Jill Kearney, founder and CEO of Senior Moves by Design (a division of the JDK Group, LLC), shares her views on the upcoming Dining with Diakon* event. Senior Moves by Design is a company that primarily moves older adults into senior living communities, helping them to find “treasures” and design their new home around things they love. The company also helps them to sort through their current home so items can be given to family or donated. Further, they stage houses to sell and do a full pack and unpack on moving day.
*On Sept. 28, 12 “celebrity chefs” from business, industry, and non-profit organizations will gather at Bethlehem’s SteelStacks. Offering an enticing menu of dishes and desserts, the chefs raise funds for Diakon Adoption & Foster Care, which serves children and families throughout eastern and central Pennsylvania.
In this post, Lydia Carfagno, an adoptive parent, shares her difficult two-year journey that led to one of the greatest joys of her life—motherhood. She adopted her now-4-year-old son, Trevor, through Diakon Adoption & Foster Care’s legal-risk (foster-to-adopt) program. Legal-risk placements involve children and youths who are in the custody of a county’s children and youth services. Children are placed in foster homes with the intent of reuniting them with their birth families; however, if that does not occur, the foster family often seeks to adopt the child or youth.
As I was growing up, my mother worked and volunteered at a crisis pregnancy center. As a small child, I witnessed my mother counseling women and providing them with the necessary resources to maintain their pregnancy. When I was young, I would tell my mother that I wanted to grow up and take care of babies that did not have mommies and open my own orphanage. I remember frequently checking our front door to see if someone left me a baby to care for!
Fast forward: I grew up and obtained a college degree in recreational therapy. As a therapist, I worked in various pediatric hospitals. Throughout my work experience, I witnessed firsthand many children suffering from neglect, abuse and trauma. Each of these children made my desire to adopt grow even stronger; however I knew I was not currently in the position to do that.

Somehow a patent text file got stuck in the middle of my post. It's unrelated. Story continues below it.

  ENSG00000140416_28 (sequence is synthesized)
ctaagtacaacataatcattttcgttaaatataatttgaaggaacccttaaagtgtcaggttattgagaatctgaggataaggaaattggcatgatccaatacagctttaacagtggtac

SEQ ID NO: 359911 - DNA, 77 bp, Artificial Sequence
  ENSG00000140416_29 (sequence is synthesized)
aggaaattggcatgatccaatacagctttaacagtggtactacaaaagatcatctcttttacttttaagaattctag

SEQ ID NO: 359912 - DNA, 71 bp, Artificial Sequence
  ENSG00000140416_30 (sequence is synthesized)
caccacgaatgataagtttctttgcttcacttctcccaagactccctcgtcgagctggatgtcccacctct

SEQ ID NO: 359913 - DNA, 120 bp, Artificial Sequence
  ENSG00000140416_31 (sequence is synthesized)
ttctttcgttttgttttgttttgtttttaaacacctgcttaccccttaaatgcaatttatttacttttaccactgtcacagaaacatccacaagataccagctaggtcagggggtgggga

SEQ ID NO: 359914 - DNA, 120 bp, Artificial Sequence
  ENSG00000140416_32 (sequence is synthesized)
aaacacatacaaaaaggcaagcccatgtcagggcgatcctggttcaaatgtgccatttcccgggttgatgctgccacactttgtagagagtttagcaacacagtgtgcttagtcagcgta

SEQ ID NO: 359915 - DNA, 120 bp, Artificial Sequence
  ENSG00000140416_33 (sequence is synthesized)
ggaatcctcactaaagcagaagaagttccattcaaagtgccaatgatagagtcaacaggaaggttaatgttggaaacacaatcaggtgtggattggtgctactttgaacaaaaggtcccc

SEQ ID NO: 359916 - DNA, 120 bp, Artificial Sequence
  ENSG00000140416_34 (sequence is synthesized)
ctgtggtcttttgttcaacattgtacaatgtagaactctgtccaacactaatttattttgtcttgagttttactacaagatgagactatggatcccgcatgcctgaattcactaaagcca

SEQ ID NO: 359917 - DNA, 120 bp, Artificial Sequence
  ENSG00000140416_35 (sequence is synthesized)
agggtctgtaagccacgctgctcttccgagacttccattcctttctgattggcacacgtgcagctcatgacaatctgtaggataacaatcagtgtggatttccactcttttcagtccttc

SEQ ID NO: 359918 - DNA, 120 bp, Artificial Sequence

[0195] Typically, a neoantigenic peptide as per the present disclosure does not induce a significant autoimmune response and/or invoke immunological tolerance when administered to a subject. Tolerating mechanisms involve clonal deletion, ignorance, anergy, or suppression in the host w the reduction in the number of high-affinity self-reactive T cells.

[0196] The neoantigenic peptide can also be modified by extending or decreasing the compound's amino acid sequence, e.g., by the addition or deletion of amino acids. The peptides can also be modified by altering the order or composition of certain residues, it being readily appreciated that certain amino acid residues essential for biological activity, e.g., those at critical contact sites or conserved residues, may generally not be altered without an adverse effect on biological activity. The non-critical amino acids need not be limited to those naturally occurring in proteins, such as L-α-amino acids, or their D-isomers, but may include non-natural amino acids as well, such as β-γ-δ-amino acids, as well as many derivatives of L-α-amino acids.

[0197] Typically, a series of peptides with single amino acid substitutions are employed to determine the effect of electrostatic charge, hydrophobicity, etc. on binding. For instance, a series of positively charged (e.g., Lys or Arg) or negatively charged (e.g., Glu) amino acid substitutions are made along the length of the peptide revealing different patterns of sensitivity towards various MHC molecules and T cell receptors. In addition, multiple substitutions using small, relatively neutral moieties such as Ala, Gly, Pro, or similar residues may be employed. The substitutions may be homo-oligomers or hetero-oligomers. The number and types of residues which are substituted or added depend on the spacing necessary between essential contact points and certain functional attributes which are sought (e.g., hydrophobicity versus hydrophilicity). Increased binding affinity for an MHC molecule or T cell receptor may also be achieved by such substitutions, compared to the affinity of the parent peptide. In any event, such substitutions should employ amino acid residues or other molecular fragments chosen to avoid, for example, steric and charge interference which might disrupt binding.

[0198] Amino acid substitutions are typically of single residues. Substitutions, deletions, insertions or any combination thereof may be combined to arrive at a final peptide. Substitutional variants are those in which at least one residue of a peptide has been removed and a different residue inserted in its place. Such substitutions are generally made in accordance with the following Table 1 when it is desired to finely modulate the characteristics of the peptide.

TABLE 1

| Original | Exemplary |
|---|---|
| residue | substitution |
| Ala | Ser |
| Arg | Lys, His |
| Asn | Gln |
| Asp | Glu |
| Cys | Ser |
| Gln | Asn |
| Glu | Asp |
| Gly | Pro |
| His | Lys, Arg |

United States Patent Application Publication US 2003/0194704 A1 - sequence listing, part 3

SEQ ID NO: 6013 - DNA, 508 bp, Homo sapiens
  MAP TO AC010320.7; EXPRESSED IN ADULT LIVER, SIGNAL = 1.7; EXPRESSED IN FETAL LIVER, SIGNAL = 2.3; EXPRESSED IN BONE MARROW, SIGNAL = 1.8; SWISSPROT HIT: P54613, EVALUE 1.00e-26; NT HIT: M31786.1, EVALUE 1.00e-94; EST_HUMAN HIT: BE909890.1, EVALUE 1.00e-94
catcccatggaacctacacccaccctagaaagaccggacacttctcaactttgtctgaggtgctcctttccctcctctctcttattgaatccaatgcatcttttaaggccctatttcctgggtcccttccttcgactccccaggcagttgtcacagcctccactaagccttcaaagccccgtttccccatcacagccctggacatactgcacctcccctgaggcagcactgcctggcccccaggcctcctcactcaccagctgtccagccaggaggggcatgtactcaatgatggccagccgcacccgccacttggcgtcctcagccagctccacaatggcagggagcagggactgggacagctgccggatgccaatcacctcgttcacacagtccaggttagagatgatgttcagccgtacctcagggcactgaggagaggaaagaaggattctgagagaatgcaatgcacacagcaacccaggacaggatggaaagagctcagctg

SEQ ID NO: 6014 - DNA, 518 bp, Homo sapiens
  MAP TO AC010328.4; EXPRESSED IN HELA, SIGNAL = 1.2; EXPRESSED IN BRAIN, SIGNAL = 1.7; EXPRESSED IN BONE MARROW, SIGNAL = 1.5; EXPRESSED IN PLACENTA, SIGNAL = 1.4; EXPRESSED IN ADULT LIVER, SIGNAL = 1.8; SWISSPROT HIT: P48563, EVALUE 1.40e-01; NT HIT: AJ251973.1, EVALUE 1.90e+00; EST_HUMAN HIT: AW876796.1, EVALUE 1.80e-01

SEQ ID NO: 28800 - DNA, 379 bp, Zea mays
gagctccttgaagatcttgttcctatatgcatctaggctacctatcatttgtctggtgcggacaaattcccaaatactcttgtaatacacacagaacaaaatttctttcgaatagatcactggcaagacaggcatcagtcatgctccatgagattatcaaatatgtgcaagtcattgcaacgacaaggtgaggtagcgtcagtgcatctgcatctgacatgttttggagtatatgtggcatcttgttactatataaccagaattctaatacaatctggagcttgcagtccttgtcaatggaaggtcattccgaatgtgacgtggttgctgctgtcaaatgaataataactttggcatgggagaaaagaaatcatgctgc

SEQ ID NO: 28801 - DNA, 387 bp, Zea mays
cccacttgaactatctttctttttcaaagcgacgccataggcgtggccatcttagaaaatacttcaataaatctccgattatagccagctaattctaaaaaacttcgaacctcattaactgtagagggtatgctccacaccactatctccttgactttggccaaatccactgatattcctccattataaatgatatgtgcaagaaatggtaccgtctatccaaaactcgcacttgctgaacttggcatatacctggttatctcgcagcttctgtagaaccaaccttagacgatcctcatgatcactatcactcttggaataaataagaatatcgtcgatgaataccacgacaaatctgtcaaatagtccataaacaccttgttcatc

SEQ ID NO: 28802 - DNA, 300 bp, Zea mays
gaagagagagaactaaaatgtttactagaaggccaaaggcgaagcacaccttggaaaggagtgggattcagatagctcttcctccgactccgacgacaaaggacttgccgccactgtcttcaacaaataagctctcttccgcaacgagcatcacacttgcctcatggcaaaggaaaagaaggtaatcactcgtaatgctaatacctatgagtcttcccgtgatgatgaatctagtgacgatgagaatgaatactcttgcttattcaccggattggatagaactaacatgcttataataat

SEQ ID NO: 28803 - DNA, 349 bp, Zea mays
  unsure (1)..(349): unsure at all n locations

Upon marrying, adoption was something we always said we would do “one day.” We struggled to get pregnant and even experienced a life-threatening ectopic pregnancy. The topic of adoption that was once on the back burner quickly became a burning desire in my heart.
It was something I believed had to happen immediately. Because of my experience in the health-care field, I was aware of “foster-to-adopt” type programs and I quickly began researching agencies.
Blog posts come in all shapes and sizes … sometimes they are personal reflections or ruminations on various topics … at other times, they tell a story, often to demonstrate a key point … at other times, they express heartfelt appreciation for how someone has been helped … as in this recent example:
To the staff of Diakon Adult Day Services at Ravenwood:
I wanted to send you a thank you on behalf of my family for the wonderful care you provide for my father, Robert “Bob” Wilson. I wonder if you know just how much the work you do is valued and how important it is to so many? Daily you have a positive impact on so many lives.
Someone recently asked me about the importance of various roles within a senior living community.
My immediate response arose from my knowledge of 1 Corinthians: “Just as a body, though one, has many parts … all its many parts form one body … there should be no division in the body, but … its parts should have equal concern for each other. If one part suffers, every part suffers with it; if one part is honored, every part rejoices with it.”
In other words, every role is equally important, every staff member critical to the quality service we provide.
The question dovetailed so nicely with our new customer service program at Diakon—Many Hands. One Heart. Service Excellence.—I felt compelled to write about it. One part of that program guides staff members toward the understanding that, no matter what our role is, we are all equally important to our mission. We cannot accomplish our goals any other way!
I am not a fan of political correctness. We have come far astray of the general knowledge that “sticks and stones….” Moreover, the limitations prompted by overzealous word-watchers can sometimes affect the ability to communicate freely and clearly.